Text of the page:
While sci-fi movie junkies are reeling over the recent NASA image in which a structure that resembles the monolith seen in the movie "2001: A Space Odyssey," protrudes off the surface of Mars, NASA announced today its search for alternative, cheaper ways to continue Mars exploration after it was rocked by recent budget cuts.
The agency has created the Mars Program Planning Group (MPPG) to develop and manage future robotic missions, and is encouraging scientists and engineers from around the world to contribute ideas.
The MPPG will be led by veteran aerospace engineer Orlando Figueroa and starting today scientists can submit ideas and abstracts online.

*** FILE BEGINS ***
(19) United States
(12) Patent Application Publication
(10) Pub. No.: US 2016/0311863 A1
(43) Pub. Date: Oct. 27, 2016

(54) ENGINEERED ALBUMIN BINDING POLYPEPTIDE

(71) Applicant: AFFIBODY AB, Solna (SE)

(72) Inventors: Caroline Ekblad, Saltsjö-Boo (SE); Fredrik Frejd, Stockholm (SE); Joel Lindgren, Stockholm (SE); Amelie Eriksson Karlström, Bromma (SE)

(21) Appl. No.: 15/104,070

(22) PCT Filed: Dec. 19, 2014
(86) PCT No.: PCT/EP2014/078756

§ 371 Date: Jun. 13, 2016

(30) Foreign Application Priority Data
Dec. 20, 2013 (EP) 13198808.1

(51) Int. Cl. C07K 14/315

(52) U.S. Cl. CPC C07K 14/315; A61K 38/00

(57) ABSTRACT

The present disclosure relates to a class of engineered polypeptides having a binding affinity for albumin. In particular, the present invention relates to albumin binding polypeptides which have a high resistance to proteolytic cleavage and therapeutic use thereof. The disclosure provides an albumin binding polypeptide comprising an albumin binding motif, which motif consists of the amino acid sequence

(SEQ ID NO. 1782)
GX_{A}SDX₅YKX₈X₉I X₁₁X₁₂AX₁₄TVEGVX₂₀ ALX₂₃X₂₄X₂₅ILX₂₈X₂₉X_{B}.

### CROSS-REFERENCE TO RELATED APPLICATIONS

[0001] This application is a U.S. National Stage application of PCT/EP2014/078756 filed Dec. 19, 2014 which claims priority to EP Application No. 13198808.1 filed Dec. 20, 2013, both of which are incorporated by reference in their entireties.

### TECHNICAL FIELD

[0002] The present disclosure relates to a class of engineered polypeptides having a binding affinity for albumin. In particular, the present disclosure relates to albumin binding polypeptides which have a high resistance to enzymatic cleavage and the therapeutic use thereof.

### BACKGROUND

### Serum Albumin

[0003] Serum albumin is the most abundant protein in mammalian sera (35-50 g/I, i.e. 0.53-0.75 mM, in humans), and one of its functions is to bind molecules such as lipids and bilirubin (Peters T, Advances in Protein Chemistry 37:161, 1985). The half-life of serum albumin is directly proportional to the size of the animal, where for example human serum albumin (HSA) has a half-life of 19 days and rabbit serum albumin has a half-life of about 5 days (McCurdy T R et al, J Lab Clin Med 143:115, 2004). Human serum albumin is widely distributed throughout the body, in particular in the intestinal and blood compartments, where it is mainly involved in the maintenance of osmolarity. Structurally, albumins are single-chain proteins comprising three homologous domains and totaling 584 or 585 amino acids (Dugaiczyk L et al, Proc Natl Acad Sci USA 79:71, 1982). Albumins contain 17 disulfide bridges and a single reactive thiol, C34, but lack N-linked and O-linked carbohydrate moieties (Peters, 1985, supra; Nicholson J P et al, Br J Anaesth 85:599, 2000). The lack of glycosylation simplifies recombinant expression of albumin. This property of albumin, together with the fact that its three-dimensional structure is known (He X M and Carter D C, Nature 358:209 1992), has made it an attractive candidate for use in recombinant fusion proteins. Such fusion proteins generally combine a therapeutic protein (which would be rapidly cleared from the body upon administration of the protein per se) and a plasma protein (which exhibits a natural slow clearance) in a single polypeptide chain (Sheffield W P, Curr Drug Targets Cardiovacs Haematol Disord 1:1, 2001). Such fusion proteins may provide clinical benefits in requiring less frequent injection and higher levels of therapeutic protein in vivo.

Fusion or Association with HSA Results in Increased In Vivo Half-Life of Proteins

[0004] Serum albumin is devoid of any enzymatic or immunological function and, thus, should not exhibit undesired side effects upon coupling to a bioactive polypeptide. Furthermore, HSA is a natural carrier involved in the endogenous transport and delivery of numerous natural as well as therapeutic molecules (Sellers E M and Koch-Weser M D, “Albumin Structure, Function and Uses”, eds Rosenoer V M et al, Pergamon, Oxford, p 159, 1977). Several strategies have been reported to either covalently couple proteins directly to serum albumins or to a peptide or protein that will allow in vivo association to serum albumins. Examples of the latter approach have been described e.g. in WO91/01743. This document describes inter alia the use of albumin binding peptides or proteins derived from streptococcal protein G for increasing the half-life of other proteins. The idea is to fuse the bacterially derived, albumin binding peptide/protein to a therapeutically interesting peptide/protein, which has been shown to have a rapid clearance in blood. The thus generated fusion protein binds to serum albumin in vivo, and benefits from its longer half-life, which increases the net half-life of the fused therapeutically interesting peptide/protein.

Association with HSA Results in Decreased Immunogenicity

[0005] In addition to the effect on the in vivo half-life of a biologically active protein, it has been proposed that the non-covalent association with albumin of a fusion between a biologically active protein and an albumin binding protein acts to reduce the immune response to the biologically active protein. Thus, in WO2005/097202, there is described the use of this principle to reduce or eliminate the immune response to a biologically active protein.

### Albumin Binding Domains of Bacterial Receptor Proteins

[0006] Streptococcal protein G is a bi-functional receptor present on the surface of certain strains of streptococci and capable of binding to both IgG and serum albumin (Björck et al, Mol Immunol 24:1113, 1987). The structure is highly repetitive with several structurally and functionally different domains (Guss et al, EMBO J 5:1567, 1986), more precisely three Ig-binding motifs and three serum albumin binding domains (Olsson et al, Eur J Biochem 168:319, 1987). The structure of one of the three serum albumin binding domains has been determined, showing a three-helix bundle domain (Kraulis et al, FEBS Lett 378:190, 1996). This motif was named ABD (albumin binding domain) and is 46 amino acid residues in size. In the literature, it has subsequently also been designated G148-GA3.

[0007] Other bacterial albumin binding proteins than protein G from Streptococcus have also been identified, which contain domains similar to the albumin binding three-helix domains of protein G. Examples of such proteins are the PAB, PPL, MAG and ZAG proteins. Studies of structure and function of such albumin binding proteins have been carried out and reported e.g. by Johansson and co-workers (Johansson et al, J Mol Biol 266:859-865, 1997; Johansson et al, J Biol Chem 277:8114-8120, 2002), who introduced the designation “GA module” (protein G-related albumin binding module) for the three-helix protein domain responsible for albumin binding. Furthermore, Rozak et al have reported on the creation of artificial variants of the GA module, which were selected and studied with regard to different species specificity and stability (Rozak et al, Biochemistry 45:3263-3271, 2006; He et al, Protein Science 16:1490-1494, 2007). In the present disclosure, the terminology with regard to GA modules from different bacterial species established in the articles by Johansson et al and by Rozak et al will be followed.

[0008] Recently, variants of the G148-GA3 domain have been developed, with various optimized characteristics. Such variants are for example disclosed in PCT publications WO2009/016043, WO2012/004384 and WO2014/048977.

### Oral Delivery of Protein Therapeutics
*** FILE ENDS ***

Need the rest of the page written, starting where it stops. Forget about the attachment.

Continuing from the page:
This comes on the heels of the announcement that NASA had pulled out of its partnership with European agencies, in which they were planning missions to Mars in 2016 and 2018. According to the Associated Press, the missions would have been the first step toward returning parts of the Red Planet - including soil and rocks - back to Earth.
"We are replanning in part because of the budget environment that we're in," said John Grunsfeld, an astrophysicist, five-time space shuttle astronaut and associate administrator for NASA's Science Mission Directorate.
"We're moving quickly to develop options for future Mars exploration missions and pathways," Grusnfeld said. "As part of this process, community involvement, including international, is essential for charting the new agency-wide strategy for our future Mars exploration efforts."
As for the so-called monolith, experts say it's likely a rock that fell from the face of a nearby cliff.